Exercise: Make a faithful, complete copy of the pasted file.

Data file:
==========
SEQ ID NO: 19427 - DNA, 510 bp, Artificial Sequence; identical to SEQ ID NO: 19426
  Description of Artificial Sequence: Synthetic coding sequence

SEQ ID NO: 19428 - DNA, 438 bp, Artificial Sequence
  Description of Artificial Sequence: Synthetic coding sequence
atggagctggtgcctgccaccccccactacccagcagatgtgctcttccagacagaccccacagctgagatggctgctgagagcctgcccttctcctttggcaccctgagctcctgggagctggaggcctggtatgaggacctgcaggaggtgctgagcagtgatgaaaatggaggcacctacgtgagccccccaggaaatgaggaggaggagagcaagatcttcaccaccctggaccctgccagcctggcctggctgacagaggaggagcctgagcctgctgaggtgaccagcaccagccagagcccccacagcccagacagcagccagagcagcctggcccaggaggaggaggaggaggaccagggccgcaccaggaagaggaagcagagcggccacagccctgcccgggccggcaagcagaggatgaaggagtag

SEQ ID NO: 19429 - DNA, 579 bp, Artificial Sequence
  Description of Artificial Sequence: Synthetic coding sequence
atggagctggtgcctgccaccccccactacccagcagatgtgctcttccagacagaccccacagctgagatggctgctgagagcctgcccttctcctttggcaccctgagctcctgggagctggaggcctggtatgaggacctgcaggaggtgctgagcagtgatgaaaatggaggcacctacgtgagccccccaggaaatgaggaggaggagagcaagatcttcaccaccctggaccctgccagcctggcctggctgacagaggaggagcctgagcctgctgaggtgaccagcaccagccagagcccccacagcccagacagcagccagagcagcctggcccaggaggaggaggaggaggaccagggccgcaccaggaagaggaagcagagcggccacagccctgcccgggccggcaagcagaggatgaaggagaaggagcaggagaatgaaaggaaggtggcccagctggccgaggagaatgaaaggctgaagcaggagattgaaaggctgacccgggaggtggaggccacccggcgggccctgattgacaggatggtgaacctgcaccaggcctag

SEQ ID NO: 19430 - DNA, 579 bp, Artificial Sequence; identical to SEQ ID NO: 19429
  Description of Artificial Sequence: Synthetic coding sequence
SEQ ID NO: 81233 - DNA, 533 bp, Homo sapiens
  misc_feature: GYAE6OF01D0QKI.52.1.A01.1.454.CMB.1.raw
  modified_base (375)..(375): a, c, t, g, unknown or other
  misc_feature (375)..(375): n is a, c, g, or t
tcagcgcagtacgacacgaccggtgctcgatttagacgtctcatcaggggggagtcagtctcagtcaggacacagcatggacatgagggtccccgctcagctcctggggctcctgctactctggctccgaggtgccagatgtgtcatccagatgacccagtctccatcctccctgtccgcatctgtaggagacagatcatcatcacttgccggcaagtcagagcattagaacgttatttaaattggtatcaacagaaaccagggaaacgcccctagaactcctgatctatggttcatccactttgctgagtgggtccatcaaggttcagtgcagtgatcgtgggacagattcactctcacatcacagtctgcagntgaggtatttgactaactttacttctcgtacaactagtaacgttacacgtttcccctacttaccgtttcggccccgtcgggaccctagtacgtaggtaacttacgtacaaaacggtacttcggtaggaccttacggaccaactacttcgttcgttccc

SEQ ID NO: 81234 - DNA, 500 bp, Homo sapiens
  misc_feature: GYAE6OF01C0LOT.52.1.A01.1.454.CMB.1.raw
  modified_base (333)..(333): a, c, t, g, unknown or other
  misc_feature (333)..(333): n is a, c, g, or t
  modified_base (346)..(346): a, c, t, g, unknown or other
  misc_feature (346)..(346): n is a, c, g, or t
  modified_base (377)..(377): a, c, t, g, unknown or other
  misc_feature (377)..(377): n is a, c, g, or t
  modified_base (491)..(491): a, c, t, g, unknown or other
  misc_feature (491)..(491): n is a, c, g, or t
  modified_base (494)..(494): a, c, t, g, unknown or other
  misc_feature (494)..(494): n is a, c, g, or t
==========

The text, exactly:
SEQ ID NO: 19427 - DNA, 510 bp, Artificial Sequence; identical to SEQ ID NO: 19426
  Description of Artificial Sequence: Synthetic coding sequence

SEQ ID NO: 19428 - DNA, 438 bp, Artificial Sequence
  Description of Artificial Sequence: Synthetic coding sequence
atggagctggtgcctgccaccccccactacccagcagatgtgctcttccagacagaccccacagctgagatggctgctgagagcctgcccttctcctttggcaccctgagctcctgggagctggaggcctggtatgaggacctgcaggaggtgctgagcagtgatgaaaatggaggcacctacgtgagccccccaggaaatgaggaggaggagagcaagatcttcaccaccctggaccctgccagcctggcctggctgacagaggaggagcctgagcctgctgaggtgaccagcaccagccagagcccccacagcccagacagcagccagagcagcctggcccaggaggaggaggaggaggaccagggccgcaccaggaagaggaagcagagcggccacagccctgcccgggccggcaagcagaggatgaaggagtag

SEQ ID NO: 19429 - DNA, 579 bp, Artificial Sequence
  Description of Artificial Sequence: Synthetic coding sequence
atggagctggtgcctgccaccccccactacccagcagatgtgctcttccagacagaccccacagctgagatggctgctgagagcctgcccttctcctttggcaccctgagctcctgggagctggaggcctggtatgaggacctgcaggaggtgctgagcagtgatgaaaatggaggcacctacgtgagccccccaggaaatgaggaggaggagagcaagatcttcaccaccctggaccctgccagcctggcctggctgacagaggaggagcctgagcctgctgaggtgaccagcaccagccagagcccccacagcccagacagcagccagagcagcctggcccaggaggaggaggaggaggaccagggccgcaccaggaagaggaagcagagcggccacagccctgcccgggccggcaagcagaggatgaaggagaaggagcaggagaatgaaaggaaggtggcccagctggccgaggagaatgaaaggctgaagcaggagattgaaaggctgacccgggaggtggaggccacccggcgggccctgattgacaggatggtgaacctgcaccaggcctag

SEQ ID NO: 19430 - DNA, 579 bp, Artificial Sequence; identical to SEQ ID NO: 19429
  Description of Artificial Sequence: Synthetic coding sequence
SEQ ID NO: 81233 - DNA, 533 bp, Homo sapiens
  misc_feature: GYAE6OF01D0QKI.52.1.A01.1.454.CMB.1.raw
  modified_base (375)..(375): a, c, t, g, unknown or other
  misc_feature (375)..(375): n is a, c, g, or t
tcagcgcagtacgacacgaccggtgctcgatttagacgtctcatcaggggggagtcagtctcagtcaggacacagcatggacatgagggtccccgctcagctcctggggctcctgctactctggctccgaggtgccagatgtgtcatccagatgacccagtctccatcctccctgtccgcatctgtaggagacagatcatcatcacttgccggcaagtcagagcattagaacgttatttaaattggtatcaacagaaaccagggaaacgcccctagaactcctgatctatggttcatccactttgctgagtgggtccatcaaggttcagtgcagtgatcgtgggacagattcactctcacatcacagtctgcagntgaggtatttgactaactttacttctcgtacaactagtaacgttacacgtttcccctacttaccgtttcggccccgtcgggaccctagtacgtaggtaacttacgtacaaaacggtacttcggtaggaccttacggaccaactacttcgttcgttccc

SEQ ID NO: 81234 - DNA, 500 bp, Homo sapiens
  misc_feature: GYAE6OF01C0LOT.52.1.A01.1.454.CMB.1.raw
  modified_base (333)..(333): a, c, t, g, unknown or other
  misc_feature (333)..(333): n is a, c, g, or t
  modified_base (346)..(346): a, c, t, g, unknown or other
  misc_feature (346)..(346): n is a, c, g, or t
  modified_base (377)..(377): a, c, t, g, unknown or other
  misc_feature (377)..(377): n is a, c, g, or t
  modified_base (491)..(491): a, c, t, g, unknown or other
  misc_feature (491)..(491): n is a, c, g, or t
  modified_base (494)..(494): a, c, t, g, unknown or other
  misc_feature (494)..(494): n is a, c, g, or t